"Let me be clear on one thing tonight. This campaign is just beginning. We won a decisive victory in New Hampshire. She won a decisive victory in South Carolina," Sanders said in his written statement Saturday evening. "Now it's on to Super Tuesday."

    Nearly a quarter of the Democratic delegates will be up for grabs in the Super Tuesday voting on March 1. Voters in 11 states will pick delegates for each of the two political party nominating conventions, making Tuesday the most important day for Republicans as well as Democrats.

    Albert Gates places a sticker on his chest after voting in the South Carolina Democratic primary at a polling place at Sanders Middle School in Columbia, S.C., Feb. 27, 2016.
    Albert Gates places a sticker on his chest after voting in the South Carolina Democratic primary at a polling place at Sanders Middle School in Columbia, S.C., Feb. 27, 2016.

    In her victory speech, Clinton took on front-running Republican Donald Trump, who has said he will make America "great again."

    "America has never stopped being great,'' Clinton said, adding that the country needed to be made "whole again."

    Speaking earlier Saturday to a large crowd in Austin, Texas, Sanders also spoke of the Republican billionaire businessman.

    “We will defeat Trump,” Sanders said. “The American people do not want a president who insults Mexicans, Muslims, women, African-Americans, veterans, and basically anyone who isn’t just like him.”

    Sanders, who draws the bulk of his support from younger voters and whites, now faces an uphill battle, after losing two consecutive states to Clinton.

    “He has to do more than break even when it comes to winning delegates from this point on, and that seems unlikely, especially if he can’t increase the size of his electoral constituency," Guth said.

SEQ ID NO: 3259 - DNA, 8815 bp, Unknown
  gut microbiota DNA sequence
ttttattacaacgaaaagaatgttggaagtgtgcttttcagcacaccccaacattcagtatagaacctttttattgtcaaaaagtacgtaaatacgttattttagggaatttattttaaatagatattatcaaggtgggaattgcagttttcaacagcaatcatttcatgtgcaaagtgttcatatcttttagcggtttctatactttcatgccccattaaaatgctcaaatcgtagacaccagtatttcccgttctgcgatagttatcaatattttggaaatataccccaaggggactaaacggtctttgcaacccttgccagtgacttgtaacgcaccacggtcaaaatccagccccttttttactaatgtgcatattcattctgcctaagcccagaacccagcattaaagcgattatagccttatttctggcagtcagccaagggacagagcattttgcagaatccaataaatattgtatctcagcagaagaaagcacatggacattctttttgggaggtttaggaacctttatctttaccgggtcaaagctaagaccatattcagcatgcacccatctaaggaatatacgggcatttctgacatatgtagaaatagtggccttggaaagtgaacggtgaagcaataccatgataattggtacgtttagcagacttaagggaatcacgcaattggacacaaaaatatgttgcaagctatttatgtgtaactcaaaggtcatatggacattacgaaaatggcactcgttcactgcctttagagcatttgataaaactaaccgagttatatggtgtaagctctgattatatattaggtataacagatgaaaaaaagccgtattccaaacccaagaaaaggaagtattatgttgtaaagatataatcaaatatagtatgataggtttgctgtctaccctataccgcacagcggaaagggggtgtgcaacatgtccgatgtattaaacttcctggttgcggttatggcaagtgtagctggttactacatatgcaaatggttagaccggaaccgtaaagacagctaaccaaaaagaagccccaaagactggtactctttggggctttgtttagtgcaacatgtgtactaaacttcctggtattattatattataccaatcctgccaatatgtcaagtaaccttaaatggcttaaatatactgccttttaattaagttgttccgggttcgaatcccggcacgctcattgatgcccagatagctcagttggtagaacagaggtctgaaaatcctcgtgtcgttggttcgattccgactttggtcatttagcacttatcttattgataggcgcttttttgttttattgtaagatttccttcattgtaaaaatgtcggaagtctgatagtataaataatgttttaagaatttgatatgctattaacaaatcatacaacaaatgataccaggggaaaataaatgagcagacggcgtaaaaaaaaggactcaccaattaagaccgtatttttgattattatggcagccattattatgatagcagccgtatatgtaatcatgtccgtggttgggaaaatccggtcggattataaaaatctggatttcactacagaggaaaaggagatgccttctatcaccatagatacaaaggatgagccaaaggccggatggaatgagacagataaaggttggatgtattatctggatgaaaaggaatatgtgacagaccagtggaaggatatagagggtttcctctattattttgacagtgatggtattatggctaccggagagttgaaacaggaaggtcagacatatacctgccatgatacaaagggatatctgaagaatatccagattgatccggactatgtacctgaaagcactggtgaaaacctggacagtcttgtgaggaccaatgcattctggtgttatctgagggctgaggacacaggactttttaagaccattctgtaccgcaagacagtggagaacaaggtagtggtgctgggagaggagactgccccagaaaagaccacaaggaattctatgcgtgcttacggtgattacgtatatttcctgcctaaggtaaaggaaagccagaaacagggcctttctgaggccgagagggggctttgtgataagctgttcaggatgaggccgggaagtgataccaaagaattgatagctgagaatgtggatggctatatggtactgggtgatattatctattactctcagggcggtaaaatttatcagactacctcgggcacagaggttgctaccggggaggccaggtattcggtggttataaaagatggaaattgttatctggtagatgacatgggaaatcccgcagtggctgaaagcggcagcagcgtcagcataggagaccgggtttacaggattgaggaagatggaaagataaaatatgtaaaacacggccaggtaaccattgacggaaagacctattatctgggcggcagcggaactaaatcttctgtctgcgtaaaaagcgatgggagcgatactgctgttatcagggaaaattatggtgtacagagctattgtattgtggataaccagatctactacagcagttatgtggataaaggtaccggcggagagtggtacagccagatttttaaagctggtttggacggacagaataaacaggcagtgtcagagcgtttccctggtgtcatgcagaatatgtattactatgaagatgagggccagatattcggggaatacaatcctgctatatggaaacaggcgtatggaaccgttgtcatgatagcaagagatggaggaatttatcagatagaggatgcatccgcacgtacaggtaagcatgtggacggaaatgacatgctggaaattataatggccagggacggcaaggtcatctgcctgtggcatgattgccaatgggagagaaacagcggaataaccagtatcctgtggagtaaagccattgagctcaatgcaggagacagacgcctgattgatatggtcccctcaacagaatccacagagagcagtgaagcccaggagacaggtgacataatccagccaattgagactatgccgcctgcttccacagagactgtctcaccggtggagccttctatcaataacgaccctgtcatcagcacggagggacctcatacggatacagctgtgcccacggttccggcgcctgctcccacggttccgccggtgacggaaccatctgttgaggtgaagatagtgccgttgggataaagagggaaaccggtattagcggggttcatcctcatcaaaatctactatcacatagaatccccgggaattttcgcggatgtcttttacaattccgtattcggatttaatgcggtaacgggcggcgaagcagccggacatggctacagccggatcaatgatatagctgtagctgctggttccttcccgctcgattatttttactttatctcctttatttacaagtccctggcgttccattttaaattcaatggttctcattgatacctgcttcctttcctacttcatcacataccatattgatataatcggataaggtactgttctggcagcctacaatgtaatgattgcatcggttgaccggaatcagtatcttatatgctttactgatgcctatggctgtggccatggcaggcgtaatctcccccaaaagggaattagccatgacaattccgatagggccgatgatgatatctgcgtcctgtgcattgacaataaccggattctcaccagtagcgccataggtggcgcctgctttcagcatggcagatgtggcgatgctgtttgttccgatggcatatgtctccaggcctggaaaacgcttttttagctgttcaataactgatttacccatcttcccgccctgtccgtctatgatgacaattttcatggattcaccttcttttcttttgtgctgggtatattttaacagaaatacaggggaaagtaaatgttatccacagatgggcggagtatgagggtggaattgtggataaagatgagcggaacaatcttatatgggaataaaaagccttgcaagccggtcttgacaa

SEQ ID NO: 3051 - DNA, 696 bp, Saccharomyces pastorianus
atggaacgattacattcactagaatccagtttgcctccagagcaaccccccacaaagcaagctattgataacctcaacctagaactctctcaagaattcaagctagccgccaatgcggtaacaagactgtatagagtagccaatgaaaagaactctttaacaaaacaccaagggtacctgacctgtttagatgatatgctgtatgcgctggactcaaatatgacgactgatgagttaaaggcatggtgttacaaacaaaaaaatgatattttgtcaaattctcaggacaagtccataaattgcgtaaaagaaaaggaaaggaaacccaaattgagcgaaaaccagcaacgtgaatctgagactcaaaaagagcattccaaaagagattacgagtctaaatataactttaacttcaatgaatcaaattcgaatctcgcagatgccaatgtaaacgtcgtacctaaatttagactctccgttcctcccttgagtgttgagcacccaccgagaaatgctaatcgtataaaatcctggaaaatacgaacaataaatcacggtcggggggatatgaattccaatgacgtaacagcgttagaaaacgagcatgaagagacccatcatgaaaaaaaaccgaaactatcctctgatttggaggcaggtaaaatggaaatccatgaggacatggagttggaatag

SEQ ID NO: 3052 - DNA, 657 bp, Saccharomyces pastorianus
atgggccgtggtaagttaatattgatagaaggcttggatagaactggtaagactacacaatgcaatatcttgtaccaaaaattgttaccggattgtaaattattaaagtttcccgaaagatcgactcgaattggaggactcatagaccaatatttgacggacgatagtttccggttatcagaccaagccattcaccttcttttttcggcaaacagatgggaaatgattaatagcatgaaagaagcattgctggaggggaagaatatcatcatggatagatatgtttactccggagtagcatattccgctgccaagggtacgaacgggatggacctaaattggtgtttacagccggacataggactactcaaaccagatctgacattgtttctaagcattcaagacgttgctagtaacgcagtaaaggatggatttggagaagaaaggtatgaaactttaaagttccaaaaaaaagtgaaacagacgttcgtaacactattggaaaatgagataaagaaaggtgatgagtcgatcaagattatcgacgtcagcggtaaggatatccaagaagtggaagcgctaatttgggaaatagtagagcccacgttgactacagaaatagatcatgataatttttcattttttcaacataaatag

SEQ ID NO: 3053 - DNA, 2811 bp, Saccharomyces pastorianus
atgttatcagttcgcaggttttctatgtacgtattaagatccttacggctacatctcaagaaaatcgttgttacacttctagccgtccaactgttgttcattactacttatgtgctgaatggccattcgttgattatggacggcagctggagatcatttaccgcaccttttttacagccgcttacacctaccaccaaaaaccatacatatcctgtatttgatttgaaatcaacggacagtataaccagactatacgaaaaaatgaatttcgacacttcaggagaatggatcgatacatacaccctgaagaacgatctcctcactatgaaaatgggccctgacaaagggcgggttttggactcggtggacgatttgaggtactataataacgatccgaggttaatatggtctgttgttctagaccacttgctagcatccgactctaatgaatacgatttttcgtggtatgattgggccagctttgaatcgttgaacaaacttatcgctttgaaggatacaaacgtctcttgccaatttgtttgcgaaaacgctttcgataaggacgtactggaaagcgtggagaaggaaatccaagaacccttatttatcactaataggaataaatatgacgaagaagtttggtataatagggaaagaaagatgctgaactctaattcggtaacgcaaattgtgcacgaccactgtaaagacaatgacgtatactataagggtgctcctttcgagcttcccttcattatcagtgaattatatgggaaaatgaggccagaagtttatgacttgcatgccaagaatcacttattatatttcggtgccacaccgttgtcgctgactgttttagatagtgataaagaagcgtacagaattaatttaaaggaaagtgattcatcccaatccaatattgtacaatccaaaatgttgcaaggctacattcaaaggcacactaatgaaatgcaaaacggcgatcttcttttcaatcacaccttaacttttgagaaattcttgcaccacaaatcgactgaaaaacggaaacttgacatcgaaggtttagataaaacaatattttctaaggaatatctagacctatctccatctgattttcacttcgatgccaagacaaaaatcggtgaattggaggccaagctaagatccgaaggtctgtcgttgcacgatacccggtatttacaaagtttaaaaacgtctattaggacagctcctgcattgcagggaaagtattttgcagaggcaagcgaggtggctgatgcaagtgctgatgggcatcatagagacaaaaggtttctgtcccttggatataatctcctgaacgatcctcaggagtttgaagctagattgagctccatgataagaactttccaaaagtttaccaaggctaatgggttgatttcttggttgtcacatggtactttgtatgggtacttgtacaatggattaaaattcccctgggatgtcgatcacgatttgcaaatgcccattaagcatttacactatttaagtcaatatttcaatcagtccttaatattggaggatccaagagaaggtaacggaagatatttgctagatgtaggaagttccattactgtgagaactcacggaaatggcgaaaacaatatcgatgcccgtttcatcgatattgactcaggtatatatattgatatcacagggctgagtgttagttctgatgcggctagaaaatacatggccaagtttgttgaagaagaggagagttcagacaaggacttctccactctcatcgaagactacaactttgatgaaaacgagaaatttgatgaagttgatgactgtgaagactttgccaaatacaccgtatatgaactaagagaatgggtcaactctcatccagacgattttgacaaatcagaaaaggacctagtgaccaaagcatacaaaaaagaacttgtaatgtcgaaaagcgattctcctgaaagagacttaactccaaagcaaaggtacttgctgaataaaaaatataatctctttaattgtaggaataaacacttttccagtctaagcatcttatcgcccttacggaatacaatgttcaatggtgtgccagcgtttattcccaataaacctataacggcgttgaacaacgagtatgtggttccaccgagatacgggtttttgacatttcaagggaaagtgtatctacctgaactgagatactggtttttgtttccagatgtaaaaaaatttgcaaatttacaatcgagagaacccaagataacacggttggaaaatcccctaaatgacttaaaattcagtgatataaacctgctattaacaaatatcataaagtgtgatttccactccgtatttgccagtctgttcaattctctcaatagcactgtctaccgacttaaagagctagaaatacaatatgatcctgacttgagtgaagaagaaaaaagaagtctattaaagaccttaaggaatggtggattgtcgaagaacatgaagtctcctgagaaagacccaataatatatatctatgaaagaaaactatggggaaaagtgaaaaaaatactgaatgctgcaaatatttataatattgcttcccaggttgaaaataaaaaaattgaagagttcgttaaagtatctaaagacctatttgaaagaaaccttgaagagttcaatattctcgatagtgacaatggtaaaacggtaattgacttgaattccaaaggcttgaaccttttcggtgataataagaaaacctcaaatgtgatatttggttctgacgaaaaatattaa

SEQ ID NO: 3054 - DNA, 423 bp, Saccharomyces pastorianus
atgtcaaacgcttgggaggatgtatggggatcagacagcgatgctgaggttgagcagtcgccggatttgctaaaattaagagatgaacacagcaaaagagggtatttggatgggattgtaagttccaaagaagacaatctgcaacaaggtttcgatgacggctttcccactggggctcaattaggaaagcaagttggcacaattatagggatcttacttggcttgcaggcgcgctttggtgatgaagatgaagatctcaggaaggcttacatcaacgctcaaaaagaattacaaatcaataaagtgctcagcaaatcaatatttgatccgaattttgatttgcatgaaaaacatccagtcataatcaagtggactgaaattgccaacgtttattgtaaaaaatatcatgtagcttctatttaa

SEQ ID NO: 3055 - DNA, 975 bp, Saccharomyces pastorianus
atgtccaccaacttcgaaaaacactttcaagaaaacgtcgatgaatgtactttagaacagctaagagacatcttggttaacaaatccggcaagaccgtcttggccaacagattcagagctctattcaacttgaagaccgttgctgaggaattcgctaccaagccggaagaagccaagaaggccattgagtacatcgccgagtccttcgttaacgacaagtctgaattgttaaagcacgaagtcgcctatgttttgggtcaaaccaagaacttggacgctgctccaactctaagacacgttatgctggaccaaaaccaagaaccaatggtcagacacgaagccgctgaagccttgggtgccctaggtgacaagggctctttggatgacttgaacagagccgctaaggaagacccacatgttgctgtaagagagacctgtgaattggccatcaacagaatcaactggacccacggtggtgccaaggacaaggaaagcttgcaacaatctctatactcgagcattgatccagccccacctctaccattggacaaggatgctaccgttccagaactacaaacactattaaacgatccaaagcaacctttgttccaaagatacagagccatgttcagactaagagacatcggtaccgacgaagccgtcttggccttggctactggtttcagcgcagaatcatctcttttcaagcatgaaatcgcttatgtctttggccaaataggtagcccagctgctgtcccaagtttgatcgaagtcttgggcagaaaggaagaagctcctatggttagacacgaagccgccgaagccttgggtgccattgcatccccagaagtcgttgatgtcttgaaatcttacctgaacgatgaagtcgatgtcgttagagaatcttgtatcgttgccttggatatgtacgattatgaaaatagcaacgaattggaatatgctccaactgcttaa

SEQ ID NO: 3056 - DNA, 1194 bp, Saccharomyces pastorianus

Low turnout

    One bright spot for Sanders was the relatively small number of voters who showed up at polling places Saturday in South Carolina, raising the question of whether Clinton can energize her core supporters.

    One of those voters was Columbia resident Evelyn Boyd, who cast a ballot for Clinton.

    “She stands up for the rights of the people. She is not afraid of the foreign governments, because she has worked with them,” Boyd said.

    Edward Suhy, a waiter and bartender who lives in Columbia, supported Sanders.

    “He seems to actually care about people, and I think he has got a really good heart. I am just sick of the status quo every single year,” Suhy said.

    Former U.S. President Bill Clinton campaigns for his wife, Democratic presidential candidate Hillary Clinton, as she rallies with supporters at an outdoor plaza in Columbia, South Carolina, Feb. 26, 2016.
    Former U.S. President Bill Clinton campaigns for his wife, Democratic presidential candidate Hillary Clinton, as she rallies with supporters at an outdoor plaza in Columbia, South Carolina, Feb. 26, 2016.